The UPI News Agency last week used the above photo to graphically tell the world how painfully the hunger-striking prisoners at Gitmo are being force-fed. Over 100 of the 166 prisoners at Gitmo were/are being kept alive by tubes running up their noses and down into their stomachs. Democracy lovers this week were also informed by the mainstream U. S. media -- CNN, the New York Times, USA Today -- that it costs hard-pressed U. S. taxpayers $1 million a year {correct} to incarcerate each Gitmo prisoner while, if they were transferred to a maximum security federal prison in the U. S., it would cost only $25,000 per prisoner per year {correct}. Is Gitmo okay because the U. S. has it on Cuban soil?
         Could the billions of tax dollars being spent at the U.S.-occupied Guantanamo Naval Base on land that rightfully belongs to Cuba be better spent on, say, fighting child hunger in America and then helping those children secure decent educations...even if the U. S. has to divert some of the billions being poured into Guantanamo Bay into more decent and worthwhile projects on U. S. soil?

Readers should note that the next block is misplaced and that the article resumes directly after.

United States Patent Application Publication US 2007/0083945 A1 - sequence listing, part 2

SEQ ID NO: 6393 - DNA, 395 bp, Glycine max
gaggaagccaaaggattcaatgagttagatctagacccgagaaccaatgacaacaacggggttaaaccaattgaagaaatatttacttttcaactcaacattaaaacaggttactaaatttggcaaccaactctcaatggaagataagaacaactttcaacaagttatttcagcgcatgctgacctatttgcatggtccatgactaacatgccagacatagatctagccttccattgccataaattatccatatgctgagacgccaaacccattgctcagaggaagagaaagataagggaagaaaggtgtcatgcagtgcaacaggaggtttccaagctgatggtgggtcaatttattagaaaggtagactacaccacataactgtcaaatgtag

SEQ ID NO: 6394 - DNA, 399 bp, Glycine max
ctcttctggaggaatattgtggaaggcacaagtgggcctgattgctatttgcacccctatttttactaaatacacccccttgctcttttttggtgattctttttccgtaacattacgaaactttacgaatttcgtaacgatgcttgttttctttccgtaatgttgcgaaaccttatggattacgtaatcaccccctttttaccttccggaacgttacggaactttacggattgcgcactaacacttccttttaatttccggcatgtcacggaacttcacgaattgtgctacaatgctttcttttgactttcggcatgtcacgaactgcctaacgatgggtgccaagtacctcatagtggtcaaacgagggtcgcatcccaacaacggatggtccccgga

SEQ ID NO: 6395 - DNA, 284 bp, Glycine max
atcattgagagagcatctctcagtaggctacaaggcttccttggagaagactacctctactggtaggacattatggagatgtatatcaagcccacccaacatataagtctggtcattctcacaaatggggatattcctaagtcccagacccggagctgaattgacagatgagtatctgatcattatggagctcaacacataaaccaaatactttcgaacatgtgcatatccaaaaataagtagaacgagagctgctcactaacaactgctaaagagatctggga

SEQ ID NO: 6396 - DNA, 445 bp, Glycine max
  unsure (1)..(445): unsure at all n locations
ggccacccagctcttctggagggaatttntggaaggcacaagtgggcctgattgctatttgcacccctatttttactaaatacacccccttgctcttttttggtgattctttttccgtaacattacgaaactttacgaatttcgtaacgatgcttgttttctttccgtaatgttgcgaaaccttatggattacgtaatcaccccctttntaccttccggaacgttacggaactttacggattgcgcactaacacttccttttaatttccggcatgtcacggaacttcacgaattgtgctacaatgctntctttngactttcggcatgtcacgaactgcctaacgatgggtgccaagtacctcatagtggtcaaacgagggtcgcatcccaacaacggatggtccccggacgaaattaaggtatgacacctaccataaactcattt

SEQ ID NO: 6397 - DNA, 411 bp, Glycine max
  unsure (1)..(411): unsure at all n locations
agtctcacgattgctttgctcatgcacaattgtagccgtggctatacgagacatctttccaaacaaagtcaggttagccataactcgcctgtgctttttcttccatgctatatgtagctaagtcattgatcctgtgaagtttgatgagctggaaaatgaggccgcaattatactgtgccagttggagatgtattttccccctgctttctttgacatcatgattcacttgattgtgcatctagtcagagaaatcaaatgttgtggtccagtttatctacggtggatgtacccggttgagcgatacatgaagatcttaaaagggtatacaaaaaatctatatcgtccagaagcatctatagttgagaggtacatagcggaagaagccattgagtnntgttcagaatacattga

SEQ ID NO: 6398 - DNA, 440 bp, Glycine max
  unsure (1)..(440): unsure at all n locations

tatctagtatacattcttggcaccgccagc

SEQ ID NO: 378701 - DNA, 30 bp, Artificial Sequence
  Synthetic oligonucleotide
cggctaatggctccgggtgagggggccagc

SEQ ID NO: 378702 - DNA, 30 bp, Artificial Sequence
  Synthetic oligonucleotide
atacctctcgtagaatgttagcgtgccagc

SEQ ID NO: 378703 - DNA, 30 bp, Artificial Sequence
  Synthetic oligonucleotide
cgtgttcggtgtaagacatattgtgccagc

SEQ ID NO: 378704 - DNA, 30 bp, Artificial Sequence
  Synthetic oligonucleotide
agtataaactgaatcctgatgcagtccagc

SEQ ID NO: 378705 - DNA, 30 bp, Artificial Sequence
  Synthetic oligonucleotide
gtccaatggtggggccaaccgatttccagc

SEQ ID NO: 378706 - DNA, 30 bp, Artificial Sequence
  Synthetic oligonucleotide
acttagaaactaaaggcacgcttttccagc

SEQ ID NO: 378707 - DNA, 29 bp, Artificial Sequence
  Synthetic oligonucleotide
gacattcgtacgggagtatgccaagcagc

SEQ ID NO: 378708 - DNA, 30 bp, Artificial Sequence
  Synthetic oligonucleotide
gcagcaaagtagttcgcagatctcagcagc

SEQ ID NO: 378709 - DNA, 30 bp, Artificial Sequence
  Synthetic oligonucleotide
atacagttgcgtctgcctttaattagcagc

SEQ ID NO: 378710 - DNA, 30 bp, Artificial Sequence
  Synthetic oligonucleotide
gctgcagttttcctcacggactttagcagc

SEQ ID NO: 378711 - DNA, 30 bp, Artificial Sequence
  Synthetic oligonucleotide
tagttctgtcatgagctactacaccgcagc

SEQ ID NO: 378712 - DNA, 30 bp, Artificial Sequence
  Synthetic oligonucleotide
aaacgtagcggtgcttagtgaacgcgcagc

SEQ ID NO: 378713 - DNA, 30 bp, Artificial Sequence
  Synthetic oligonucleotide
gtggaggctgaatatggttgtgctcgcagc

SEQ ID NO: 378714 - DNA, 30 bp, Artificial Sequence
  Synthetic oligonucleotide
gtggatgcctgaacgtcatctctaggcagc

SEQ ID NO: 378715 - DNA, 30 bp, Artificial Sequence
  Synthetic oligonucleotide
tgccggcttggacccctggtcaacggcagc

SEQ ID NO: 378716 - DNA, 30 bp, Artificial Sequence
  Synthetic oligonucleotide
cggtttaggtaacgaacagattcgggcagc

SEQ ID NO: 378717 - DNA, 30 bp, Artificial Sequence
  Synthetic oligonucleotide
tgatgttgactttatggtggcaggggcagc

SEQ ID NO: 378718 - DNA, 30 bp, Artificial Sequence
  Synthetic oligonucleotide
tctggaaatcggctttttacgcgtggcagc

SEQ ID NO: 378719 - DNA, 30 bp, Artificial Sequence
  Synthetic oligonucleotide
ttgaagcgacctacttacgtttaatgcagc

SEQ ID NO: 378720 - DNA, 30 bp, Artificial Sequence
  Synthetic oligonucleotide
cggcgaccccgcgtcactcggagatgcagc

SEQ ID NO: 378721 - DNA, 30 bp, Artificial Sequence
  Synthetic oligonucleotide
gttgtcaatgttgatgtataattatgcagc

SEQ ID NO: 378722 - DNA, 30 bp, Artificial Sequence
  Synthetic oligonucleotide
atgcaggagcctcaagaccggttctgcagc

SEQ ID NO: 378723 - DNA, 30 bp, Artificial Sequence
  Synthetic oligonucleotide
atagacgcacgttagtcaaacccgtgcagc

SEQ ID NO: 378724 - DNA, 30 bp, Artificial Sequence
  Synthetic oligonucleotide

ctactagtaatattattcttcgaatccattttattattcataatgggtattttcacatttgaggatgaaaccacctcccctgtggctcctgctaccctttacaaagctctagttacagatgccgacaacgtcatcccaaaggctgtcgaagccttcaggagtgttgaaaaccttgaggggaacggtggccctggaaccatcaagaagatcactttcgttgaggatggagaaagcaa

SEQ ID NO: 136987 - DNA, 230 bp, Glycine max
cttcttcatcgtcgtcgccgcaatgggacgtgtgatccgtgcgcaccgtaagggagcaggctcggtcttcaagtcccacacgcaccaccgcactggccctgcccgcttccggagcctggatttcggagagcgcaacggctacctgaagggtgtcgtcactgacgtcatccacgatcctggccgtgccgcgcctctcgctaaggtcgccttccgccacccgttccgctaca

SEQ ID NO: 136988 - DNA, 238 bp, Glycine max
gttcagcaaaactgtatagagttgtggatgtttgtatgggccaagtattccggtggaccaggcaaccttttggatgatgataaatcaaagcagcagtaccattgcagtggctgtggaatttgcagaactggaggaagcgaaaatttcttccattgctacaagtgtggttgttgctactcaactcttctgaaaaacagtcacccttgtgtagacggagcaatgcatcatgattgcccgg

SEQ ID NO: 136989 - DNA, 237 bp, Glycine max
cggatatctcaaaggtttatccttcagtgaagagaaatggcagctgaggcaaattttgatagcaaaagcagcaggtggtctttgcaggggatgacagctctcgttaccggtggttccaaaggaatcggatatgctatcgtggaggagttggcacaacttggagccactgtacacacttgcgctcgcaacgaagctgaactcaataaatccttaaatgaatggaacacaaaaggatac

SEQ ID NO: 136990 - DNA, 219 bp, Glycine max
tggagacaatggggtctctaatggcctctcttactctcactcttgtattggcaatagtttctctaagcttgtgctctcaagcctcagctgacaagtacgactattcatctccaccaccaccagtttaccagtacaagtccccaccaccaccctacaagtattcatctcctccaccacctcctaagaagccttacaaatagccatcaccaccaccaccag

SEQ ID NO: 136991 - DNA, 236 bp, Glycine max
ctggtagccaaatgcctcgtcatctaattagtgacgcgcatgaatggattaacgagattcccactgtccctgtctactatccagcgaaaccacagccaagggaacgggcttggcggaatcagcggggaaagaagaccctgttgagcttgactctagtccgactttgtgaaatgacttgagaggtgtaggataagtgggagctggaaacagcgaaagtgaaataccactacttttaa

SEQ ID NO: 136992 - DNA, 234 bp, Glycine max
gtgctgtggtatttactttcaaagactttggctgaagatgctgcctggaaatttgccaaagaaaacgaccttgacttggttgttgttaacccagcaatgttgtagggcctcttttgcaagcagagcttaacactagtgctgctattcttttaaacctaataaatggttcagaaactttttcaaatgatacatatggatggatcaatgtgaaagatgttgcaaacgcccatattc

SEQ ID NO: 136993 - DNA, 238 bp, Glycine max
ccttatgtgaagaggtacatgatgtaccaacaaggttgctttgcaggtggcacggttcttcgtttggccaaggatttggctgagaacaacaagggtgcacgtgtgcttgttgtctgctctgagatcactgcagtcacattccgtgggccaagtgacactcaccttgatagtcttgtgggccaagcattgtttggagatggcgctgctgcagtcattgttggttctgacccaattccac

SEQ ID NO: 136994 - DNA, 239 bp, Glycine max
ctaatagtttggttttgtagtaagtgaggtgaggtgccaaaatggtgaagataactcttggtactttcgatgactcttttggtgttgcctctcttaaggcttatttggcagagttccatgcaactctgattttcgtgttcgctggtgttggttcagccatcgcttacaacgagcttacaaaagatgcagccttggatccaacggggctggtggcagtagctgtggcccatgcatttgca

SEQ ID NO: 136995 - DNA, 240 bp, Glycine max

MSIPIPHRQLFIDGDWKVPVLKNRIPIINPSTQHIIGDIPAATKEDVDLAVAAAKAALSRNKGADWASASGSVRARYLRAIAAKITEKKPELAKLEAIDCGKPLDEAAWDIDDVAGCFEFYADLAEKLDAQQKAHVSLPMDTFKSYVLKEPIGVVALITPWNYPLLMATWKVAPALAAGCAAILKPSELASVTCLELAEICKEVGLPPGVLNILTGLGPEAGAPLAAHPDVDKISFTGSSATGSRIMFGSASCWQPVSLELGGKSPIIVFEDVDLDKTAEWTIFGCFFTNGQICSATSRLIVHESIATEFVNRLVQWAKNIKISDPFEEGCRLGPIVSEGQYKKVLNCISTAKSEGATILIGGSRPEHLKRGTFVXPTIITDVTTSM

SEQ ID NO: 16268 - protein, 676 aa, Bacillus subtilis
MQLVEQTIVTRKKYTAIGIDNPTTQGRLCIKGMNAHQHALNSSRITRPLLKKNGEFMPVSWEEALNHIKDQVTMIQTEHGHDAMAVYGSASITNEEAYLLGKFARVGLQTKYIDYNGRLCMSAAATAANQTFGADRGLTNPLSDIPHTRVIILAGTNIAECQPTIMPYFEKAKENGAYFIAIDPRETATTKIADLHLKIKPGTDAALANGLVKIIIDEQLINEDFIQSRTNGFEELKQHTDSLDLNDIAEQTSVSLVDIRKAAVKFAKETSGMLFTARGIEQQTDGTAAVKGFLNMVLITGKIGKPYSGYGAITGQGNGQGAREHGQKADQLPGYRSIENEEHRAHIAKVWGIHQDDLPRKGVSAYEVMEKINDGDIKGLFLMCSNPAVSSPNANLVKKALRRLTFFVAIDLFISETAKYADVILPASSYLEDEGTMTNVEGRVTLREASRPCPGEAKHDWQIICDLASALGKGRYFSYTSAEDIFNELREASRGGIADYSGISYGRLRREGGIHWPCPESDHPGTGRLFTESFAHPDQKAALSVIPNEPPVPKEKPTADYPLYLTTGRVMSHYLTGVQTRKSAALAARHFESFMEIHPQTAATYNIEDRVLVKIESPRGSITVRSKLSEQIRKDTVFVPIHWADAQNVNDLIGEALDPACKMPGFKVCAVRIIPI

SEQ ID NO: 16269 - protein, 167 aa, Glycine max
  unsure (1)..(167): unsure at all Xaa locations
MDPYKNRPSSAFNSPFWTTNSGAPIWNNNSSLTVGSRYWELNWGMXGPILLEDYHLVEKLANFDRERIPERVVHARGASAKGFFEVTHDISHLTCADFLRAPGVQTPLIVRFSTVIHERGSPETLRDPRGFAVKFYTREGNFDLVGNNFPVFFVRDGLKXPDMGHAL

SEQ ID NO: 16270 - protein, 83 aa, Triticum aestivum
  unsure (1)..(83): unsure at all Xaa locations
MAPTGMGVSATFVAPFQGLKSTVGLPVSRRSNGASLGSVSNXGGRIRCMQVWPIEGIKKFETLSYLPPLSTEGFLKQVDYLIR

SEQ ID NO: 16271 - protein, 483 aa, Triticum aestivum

Last week a vital bridge in the state of Washington simply collapsed, dropping vehicles into an unforgiving river. Americans are told that the U. S. does not have the money to adequately begin refurbishing what is known to be a vastly decaying infrastructure. But since 1959 Americans have also been told to cough up billions and billions of dollars to re-capture Cuba, to enforce the U. S. embargo of Cuba as well as a wide litany of other Batistiano-inspired anti-Cuban dictates, to send pipelines of tax money to anti-Cuban propaganda outlets such as Radio-TV Marti in Miami, to make Guantanamo Bay a plush U. S. base on ill-gotten Cuban land, to create and operate a prison aT Guantanamo Bay that besmirches the image of the U. S. democracy, etc., etc. Is it time Americans asked if some of those billions of dollars could be diverted to other more decent and badly needed projects? LIKE, for example, THAT BRIDGE!